Side Orders: Assortment of fruits, veggies add color to pasta salad

Anne Braly

Could there be anything more refreshing on a warm late-spring evening than a pasta salad? Especially one that serves as an entree with the addition of chicken.

I've had this recipe tucked away for several years with the idea of making it one summer. But as life goes, it also traveled to the back of my I'll-make-this-one-day file. Do you have one of those? I'm stretching things by calling mine a file. It's more like a junk drawer in my kitchen filled with notes, recipes and lists of things that need done around the house. It's a drawer of dreams that many never realize. But every once in a while I'll pull one out, and this pasta salad was just as good as I thought it would be when I ripped it from the pages of an old magazine.

One thing I particularly like about this salad is that it can be made in stages. The dressing is best made the night before, allowing the flavors time to marry. The chicken can be cooked and diced the day before as well. And the almonds can be toasted a day ahead and ready to toss with the other ingredients the next day.

You can use any pasta, such as macaroni, spiral and even angel hair. But there's something delicious and eye-catching about a pasta salad using bow-tie pasta. It gives the salad a nice texture and wonderful eye appeal. After all, it's said we eat with our eyes before ever touching the tongue. Add to the bow-tie pasta a rainbow of colors - orange from the mandarin oranges and carrots; red from the tomatoes, red onions and bell peppers; and green from the spinach. Then, more texture is added with chicken and toasted almonds. It's sweet with the addition of orange juice and a little sugar. Rice vinegar gives it a pleasant tang. Altogether, this pasta salad is a thing of beauty and taste.

Mandarin Orange Chicken Bow-Tie Pasta

1 teaspoon finely chopped, peeled fresh ginger

1/3 cup rice vinegar

1/4 cup orange juice

1/4 cup vegetable oil

1 teaspoon toasted sesame oil

1 (1 ounce) package dry onion soup mix

2 teaspoons white sugar

1 clove garlic, pressed

1 (8 ounce) package bow-tie (farfalle) pasta

1/2 cucumber, halved lengthwise, seeded, and sliced

1/2 cup diced red bell pepper

1/2 cup coarsely chopped red onion

2 diced Roma tomatoes

1 carrot, shredded

1 (6 ounce) bag fresh spinach

1 (11 ounce) can mandarin orange segments, drained

2 cups diced cooked chicken

1/2 cup sliced almonds, toasted

To make the dressing, whisk together the ginger root, rice vinegar, orange juice, vegetable oil, sesame oil, soup mix, sugar and garlic until well blended. Cover, and refrigerate until needed.

Bring a large pot of lightly salted water to a boil. Add the bow-tie pasta, and cook for 8 to 10 minutes or until al dente; drain, and rinse under cold water. Place pasta in a large bowl.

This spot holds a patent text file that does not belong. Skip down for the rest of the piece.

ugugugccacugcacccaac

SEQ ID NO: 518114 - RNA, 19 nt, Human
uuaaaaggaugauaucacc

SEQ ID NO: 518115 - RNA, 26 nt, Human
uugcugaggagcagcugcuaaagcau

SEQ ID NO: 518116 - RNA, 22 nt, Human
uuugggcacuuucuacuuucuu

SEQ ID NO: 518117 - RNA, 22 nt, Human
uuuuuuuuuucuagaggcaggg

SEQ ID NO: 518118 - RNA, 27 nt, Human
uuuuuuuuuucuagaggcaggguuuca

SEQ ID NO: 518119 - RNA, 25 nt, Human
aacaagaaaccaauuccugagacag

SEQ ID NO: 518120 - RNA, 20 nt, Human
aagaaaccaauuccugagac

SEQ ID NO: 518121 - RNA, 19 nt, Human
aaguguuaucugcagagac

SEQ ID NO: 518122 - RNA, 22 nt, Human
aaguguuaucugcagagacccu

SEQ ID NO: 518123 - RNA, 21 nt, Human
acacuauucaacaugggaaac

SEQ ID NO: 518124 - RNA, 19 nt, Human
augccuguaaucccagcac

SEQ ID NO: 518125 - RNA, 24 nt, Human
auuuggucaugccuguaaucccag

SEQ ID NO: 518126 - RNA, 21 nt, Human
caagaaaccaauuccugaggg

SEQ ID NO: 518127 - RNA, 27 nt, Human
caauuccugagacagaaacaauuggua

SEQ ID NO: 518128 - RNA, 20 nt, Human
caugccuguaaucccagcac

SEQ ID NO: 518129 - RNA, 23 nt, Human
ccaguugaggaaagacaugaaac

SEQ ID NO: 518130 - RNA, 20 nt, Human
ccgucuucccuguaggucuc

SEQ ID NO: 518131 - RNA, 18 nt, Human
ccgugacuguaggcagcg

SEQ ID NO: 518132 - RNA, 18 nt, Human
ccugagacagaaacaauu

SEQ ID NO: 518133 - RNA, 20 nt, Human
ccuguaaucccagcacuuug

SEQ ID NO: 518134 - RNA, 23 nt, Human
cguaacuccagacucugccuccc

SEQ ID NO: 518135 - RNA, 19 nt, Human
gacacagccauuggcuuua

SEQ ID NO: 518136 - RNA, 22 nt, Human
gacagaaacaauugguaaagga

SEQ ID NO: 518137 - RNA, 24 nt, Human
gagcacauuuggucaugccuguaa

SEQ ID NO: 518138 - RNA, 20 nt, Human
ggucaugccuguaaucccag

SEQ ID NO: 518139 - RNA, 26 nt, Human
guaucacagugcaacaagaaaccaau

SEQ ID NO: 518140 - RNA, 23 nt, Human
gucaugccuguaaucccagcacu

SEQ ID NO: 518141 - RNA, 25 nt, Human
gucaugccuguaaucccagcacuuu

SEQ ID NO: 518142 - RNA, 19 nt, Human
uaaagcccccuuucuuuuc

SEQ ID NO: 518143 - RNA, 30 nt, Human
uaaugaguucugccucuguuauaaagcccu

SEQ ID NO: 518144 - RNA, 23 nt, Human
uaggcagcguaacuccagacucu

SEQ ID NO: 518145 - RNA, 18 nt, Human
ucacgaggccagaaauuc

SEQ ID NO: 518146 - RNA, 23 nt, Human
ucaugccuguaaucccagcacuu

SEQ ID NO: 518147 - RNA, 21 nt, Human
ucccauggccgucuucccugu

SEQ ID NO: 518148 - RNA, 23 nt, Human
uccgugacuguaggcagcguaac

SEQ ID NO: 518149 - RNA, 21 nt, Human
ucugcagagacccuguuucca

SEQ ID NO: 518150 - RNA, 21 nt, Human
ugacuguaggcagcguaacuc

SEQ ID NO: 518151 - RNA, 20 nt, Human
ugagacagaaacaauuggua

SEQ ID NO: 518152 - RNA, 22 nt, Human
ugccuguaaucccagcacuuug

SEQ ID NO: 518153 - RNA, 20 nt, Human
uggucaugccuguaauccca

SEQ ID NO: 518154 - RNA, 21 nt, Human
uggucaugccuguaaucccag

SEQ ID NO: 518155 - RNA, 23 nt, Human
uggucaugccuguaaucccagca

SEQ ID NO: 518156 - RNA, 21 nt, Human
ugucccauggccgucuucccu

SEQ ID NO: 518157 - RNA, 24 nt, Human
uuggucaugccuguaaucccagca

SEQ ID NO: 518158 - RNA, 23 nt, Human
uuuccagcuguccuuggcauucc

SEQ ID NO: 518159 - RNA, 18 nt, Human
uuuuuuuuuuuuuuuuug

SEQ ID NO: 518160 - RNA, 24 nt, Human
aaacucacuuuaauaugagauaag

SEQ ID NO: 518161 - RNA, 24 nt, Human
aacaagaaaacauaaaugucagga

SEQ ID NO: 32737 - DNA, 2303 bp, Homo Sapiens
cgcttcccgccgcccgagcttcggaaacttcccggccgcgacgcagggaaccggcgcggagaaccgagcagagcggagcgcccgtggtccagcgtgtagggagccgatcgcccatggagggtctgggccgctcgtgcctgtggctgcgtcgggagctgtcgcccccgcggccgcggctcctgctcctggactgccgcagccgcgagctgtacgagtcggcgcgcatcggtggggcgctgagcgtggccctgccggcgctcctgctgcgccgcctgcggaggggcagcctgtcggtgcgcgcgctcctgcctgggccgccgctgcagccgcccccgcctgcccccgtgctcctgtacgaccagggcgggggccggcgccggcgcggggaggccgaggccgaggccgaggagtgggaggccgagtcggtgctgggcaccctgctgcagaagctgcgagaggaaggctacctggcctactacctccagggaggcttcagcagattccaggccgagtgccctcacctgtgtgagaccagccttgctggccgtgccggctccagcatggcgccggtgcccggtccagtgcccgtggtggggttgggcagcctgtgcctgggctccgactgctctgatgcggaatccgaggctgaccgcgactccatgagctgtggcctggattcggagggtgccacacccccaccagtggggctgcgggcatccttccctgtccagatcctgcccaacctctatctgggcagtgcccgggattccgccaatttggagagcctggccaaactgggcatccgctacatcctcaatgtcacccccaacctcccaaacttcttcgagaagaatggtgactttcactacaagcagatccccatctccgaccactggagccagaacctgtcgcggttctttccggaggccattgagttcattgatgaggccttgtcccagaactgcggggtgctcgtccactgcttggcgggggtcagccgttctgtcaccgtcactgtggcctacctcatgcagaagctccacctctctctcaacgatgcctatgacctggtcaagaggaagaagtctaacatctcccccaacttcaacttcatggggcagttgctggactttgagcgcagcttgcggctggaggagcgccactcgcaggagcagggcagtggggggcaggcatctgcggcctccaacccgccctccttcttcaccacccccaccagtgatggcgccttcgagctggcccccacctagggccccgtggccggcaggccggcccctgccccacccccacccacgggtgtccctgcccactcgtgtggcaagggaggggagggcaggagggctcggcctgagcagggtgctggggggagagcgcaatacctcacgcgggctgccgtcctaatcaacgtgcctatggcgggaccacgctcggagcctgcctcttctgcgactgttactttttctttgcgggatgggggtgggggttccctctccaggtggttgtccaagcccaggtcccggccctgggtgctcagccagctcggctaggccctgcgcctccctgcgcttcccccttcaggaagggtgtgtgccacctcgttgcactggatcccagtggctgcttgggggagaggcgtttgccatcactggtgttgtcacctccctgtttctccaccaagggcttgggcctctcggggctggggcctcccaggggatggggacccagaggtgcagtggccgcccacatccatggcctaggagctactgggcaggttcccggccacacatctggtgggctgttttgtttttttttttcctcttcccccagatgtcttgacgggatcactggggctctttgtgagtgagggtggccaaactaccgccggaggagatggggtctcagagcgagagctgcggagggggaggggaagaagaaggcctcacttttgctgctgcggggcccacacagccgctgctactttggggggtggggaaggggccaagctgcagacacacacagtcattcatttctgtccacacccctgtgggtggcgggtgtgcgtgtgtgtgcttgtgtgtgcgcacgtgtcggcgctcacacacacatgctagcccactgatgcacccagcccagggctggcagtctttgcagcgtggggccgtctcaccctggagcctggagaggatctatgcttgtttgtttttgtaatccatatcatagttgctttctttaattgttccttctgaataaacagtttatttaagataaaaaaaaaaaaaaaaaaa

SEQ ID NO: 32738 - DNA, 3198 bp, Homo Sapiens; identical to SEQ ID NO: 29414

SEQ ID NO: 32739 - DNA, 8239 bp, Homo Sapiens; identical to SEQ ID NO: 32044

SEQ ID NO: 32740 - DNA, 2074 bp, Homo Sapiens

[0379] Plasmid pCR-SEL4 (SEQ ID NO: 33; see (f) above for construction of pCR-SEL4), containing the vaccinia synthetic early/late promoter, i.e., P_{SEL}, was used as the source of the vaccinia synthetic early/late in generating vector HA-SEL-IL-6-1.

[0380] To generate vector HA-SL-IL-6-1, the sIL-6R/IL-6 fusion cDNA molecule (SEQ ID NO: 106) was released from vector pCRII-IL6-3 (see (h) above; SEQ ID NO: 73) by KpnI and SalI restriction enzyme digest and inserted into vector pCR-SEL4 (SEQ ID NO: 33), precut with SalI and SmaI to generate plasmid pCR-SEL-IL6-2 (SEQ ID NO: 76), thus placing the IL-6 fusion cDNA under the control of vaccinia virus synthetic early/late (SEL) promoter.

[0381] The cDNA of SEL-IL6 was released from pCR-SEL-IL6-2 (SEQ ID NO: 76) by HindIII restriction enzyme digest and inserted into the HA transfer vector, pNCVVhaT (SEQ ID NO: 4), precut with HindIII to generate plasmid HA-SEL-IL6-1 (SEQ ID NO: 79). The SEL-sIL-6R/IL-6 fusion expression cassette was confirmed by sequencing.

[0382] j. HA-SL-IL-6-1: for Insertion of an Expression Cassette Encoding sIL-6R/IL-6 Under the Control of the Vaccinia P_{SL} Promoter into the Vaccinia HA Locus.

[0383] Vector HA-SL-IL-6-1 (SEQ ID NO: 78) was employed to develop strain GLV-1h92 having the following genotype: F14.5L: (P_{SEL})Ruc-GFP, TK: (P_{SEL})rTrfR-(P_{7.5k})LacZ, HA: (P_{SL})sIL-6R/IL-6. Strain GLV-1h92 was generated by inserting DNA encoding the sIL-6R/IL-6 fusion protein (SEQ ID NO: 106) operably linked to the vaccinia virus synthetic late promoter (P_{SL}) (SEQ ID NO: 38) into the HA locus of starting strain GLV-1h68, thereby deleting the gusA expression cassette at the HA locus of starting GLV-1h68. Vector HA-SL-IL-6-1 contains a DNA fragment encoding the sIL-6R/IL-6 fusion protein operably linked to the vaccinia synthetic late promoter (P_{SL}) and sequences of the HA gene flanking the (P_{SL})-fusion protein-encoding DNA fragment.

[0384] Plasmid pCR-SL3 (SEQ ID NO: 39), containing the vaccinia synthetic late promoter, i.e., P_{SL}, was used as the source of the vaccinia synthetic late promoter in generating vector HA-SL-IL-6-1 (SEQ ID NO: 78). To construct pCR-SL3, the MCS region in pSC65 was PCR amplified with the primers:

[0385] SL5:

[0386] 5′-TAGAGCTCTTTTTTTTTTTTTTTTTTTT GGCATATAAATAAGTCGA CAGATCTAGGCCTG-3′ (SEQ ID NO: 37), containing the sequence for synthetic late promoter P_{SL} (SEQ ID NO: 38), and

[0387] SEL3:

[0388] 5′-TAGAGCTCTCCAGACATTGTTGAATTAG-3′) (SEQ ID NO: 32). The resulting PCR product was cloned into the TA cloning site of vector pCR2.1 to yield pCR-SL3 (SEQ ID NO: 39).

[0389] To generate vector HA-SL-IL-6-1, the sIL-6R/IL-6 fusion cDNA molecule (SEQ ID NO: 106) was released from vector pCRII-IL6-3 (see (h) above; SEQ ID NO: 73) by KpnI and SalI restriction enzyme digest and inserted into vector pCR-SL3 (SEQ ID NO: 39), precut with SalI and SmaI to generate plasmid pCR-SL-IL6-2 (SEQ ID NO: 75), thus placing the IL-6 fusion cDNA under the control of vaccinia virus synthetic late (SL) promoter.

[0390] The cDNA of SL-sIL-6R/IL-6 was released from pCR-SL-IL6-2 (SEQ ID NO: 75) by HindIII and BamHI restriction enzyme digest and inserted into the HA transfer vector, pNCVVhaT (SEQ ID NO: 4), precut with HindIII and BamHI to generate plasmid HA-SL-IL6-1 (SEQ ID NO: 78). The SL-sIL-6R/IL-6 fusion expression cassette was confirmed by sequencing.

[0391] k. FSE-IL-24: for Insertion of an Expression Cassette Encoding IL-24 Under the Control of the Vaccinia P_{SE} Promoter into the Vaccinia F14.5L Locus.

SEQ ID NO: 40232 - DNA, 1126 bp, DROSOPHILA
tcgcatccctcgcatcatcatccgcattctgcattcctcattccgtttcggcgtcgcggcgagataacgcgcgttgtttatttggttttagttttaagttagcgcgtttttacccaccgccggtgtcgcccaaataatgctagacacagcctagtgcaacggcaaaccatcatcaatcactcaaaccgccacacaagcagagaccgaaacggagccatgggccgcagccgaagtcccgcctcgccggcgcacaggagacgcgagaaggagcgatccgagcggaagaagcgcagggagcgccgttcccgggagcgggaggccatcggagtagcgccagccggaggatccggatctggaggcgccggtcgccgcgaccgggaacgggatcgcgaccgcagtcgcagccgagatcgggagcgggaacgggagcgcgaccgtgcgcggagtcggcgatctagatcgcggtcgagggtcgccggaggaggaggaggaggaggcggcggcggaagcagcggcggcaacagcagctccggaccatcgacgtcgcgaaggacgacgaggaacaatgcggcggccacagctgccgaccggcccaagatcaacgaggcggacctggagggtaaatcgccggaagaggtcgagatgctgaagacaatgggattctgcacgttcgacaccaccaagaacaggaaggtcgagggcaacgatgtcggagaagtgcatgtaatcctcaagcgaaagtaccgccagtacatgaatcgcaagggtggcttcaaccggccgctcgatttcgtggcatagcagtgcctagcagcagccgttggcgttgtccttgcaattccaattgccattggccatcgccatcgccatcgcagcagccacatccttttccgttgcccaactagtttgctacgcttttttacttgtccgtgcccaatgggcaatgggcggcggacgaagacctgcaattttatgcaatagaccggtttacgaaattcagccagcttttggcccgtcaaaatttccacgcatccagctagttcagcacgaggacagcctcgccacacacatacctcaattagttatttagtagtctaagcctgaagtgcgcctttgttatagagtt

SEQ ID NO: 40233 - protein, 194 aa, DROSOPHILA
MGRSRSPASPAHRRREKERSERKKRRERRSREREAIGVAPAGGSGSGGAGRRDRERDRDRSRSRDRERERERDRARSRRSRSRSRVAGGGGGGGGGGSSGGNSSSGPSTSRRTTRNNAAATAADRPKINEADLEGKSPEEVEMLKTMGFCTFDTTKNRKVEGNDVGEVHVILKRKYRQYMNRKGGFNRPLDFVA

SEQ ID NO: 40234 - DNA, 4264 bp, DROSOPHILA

To make the salad, toss the cucumber, bell pepper, onion, tomatoes, carrot, spinach, mandarin oranges, chicken and almonds with the pasta. Pour the dressing over the salad mixture, and toss again to coat evenly. Serve immediately.

Fish food

I was in Fairfax, California, recently visiting my middle daughter, and as we were driving out of her neighborhood one peaceful Sunday morning, we passed by one of the city's top fishmongers. He had set up shop in his driveway, selling fish fresh from the Pacific and other nearby waters. That night, we dined on the freshest sole and scallops, along with salmon. Maybe it was the company that made this such an unforgettable meal, but the seafood certainly played a huge role.

So one morning after my return home, I was bemoaning the fact that I don't have a fishmonger in my neighborhood, when a message popped up on my phone via Facebook Marketplace from Mark Gilmore, owner of Happy Gilmore's Seafood, announcing that his popular Royal Red shrimp were back.

Gilmore gets all sorts of seafood from the waters of the Gulf of Mexico and Atlantic Ocean delivered weekly from a source in Florida and will come to a designated place to sell it - a place that's convenient for you. In addition, he can set up shop in your neighborhood if there's enough interest. He does this for the folks in Sewanee, traveling up the mountain every other Saturday and selling out quickly. If you think there'd be enough interest in your neighborhood, let him know. His phone number is 423-505-5976 and his email is Or check out Happy Gilmore's Seafood on Facebook. All of his seafood, including shrimp, trigger fish, snapper and grouper, is wild caught.

Email Anne Braly at